These advertising campaigns use the data that you gather in your analytics platforms and 3rd party tracking cookies, to identify users who have performed some action on your website such as visiting specific pages or who have downloaded a brochure.  In sales terms addressing these people is the difference between cold-calling and visiting someone who knows your brand and has engaged with it.

In order to set up a retargeting campaign, you need to implement tracking tags for the platform on which you want to be able to reach your remarketing audience. When we set up a website for clients, we implement remarketing tags for Google Ads, LinkedIn ads and Twitter Ads  by default and we add whatever else we might need as we come to it.

Implementing these tags is similar to implementing an analytics solution, so if you’ve done that, you’re going to be familiar with the process. Almost all platforms will provide you with a snippet of code that you put into the <head> tags of all the pages you want to track. This is made much easier if you implement these tags through Google Tag Manager, which is another good reason to go that route if you can.  Again, get in touch if you need to.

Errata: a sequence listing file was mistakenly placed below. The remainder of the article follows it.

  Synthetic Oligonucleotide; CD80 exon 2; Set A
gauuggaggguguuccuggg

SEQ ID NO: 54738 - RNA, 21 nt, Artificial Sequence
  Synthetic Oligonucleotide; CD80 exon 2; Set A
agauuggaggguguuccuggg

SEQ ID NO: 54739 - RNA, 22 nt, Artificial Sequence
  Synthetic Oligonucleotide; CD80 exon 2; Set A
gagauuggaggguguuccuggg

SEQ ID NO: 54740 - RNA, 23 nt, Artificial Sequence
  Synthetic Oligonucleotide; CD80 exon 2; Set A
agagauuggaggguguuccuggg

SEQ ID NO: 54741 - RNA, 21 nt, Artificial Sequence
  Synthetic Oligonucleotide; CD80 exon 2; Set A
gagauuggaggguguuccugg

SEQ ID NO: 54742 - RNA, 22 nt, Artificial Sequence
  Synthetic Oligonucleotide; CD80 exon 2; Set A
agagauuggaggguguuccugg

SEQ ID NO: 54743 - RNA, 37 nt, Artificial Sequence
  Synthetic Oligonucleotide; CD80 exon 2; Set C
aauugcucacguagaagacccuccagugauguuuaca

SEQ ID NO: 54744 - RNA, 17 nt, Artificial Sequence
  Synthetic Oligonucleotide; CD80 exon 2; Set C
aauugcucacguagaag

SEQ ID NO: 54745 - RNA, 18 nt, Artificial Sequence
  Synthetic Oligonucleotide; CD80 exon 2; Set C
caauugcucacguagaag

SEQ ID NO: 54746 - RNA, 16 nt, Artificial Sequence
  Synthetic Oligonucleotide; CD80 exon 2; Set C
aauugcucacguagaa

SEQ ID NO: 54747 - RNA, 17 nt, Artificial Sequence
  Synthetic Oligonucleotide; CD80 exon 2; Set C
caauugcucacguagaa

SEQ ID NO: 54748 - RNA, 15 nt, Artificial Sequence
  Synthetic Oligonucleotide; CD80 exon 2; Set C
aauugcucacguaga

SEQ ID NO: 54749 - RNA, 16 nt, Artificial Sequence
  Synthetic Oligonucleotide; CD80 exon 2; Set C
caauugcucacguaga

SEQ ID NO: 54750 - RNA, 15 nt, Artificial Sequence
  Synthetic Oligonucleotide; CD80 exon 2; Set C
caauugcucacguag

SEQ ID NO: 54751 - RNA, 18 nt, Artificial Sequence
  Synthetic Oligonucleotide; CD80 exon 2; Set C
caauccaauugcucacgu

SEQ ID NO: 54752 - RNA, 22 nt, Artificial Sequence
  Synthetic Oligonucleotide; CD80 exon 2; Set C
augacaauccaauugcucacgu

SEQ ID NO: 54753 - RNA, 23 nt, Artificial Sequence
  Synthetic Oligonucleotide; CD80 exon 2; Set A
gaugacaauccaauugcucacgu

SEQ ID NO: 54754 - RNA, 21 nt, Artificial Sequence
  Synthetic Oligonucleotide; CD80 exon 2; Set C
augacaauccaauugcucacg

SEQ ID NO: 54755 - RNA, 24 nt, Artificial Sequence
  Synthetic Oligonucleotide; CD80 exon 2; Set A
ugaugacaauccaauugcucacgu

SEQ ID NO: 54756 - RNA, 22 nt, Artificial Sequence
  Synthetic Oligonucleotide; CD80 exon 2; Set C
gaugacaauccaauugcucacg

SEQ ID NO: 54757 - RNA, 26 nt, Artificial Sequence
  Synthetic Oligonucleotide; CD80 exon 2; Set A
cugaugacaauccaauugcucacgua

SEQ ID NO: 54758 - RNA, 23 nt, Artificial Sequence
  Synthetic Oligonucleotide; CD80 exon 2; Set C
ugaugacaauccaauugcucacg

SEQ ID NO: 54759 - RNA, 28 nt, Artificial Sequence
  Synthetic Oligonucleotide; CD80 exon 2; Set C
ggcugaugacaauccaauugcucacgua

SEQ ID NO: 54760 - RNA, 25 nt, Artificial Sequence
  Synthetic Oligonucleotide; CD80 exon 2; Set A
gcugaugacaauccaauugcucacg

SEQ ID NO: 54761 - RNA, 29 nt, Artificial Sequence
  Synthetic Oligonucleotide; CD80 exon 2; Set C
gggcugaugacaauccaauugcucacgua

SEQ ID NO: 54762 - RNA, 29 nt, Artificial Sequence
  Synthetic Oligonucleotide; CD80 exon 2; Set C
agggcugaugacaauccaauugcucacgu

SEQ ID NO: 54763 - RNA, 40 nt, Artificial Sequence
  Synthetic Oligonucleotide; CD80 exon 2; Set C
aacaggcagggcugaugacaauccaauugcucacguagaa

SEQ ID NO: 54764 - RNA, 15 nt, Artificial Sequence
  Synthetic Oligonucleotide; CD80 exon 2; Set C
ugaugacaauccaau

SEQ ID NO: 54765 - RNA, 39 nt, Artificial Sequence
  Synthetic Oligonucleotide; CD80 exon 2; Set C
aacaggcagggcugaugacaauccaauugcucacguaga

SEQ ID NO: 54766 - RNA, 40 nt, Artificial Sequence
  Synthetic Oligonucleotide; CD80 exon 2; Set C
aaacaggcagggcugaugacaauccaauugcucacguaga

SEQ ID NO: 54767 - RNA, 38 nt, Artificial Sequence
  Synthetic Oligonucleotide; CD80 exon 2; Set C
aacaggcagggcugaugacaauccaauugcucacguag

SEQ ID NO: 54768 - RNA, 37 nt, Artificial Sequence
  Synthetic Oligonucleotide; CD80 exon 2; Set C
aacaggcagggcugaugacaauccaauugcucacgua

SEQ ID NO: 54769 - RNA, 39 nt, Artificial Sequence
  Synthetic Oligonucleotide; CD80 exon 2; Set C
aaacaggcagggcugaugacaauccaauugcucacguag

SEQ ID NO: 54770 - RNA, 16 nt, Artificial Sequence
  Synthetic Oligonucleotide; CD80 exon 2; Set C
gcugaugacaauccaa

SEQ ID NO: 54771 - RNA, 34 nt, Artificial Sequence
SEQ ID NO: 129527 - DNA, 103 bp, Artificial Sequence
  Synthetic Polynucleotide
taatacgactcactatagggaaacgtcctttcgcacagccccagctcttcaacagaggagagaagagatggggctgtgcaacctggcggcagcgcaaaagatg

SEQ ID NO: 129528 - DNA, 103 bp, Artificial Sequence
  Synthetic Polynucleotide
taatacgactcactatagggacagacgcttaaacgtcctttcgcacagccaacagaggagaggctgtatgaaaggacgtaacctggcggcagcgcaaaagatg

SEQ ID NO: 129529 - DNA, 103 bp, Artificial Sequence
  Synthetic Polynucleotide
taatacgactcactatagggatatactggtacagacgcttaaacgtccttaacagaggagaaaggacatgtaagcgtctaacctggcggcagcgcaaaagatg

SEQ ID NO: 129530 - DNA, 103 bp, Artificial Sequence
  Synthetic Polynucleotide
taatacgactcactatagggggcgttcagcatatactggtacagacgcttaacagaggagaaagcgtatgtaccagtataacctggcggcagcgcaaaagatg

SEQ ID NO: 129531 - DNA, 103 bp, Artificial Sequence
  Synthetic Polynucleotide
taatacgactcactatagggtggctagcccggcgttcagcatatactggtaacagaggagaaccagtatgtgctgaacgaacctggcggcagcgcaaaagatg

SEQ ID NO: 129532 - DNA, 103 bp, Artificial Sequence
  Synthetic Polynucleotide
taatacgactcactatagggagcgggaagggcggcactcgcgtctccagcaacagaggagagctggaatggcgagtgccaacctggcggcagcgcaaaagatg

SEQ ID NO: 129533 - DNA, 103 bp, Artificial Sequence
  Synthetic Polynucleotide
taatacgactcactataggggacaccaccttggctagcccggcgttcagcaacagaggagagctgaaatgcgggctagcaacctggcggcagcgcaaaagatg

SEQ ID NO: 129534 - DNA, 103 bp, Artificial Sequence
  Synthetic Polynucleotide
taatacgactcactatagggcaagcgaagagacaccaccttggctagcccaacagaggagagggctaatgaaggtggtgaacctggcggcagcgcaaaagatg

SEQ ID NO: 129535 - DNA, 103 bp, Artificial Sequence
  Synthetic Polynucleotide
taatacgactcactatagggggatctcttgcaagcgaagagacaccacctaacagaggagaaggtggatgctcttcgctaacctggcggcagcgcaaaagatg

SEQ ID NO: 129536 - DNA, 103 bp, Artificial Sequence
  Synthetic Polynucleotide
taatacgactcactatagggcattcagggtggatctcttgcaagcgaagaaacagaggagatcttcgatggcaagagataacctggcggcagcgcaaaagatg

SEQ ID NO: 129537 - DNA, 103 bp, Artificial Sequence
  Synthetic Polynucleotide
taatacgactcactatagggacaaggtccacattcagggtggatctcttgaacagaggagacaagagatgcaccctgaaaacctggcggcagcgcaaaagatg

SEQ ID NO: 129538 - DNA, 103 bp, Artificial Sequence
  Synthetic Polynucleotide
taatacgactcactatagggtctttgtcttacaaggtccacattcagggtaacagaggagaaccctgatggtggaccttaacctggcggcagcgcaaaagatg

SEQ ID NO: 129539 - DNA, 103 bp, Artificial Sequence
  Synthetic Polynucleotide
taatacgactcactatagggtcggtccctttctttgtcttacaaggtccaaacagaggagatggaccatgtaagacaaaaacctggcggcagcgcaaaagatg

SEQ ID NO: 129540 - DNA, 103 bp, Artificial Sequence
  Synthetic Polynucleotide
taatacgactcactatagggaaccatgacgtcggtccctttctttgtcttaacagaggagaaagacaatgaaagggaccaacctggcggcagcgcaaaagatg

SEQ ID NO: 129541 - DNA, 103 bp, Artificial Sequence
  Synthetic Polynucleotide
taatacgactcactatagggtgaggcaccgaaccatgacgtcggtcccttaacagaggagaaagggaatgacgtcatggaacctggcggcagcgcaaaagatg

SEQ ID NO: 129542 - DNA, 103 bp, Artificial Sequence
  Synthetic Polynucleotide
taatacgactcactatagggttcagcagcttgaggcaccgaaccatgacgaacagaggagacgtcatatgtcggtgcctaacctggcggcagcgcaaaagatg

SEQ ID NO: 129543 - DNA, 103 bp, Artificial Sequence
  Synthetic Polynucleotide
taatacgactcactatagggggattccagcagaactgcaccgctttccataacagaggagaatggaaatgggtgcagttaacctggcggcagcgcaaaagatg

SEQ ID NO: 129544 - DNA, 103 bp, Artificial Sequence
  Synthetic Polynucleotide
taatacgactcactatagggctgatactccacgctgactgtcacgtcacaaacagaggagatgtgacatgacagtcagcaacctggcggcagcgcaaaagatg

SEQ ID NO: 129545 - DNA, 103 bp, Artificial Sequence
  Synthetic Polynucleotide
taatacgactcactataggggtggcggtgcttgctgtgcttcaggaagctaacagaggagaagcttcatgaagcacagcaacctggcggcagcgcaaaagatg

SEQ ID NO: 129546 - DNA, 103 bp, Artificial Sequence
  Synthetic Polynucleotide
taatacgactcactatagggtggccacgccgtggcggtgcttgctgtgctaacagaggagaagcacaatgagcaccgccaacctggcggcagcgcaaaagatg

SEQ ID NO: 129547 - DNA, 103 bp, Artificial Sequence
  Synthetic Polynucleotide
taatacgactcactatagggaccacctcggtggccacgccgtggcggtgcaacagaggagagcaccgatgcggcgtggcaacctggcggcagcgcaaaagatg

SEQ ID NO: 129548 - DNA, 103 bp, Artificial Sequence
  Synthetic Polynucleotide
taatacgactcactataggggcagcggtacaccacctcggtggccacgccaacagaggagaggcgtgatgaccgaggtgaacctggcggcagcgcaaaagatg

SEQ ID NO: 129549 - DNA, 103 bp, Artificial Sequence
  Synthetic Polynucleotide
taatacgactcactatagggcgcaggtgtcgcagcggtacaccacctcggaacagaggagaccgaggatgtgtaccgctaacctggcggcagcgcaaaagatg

1. Build authority and overcome objections

To make sales, you obviously need to position yourself as a good solution to a problem.

In order to do this, you need to create authority on your website. One part of this is having a professional looking site that conveys information succinctly and with expertise.  But generating authority on your own can be very difficult as consumers rightly identify your bias.

You can generate some authority by creating a demonstration of your expertise or by effectively by offering guarantees and other similar ways which show you are confident in your product.

However, one of the simpler ways of demonstrating the value of your product is to use testimonials from happy customers and endorsements from other well-known experts in your field. If you can demonstrate these endorsements during your prospects’ sales journeys then you can resolve the most fundamental question anyone has when making a purchase online, “Can we trust what we are hearing?”

  1. Make it easy for customers to purchase directly through the website

The final step in turning your website into a 24/7 sales machine, is to make it easy for your customers to buy directly through the site.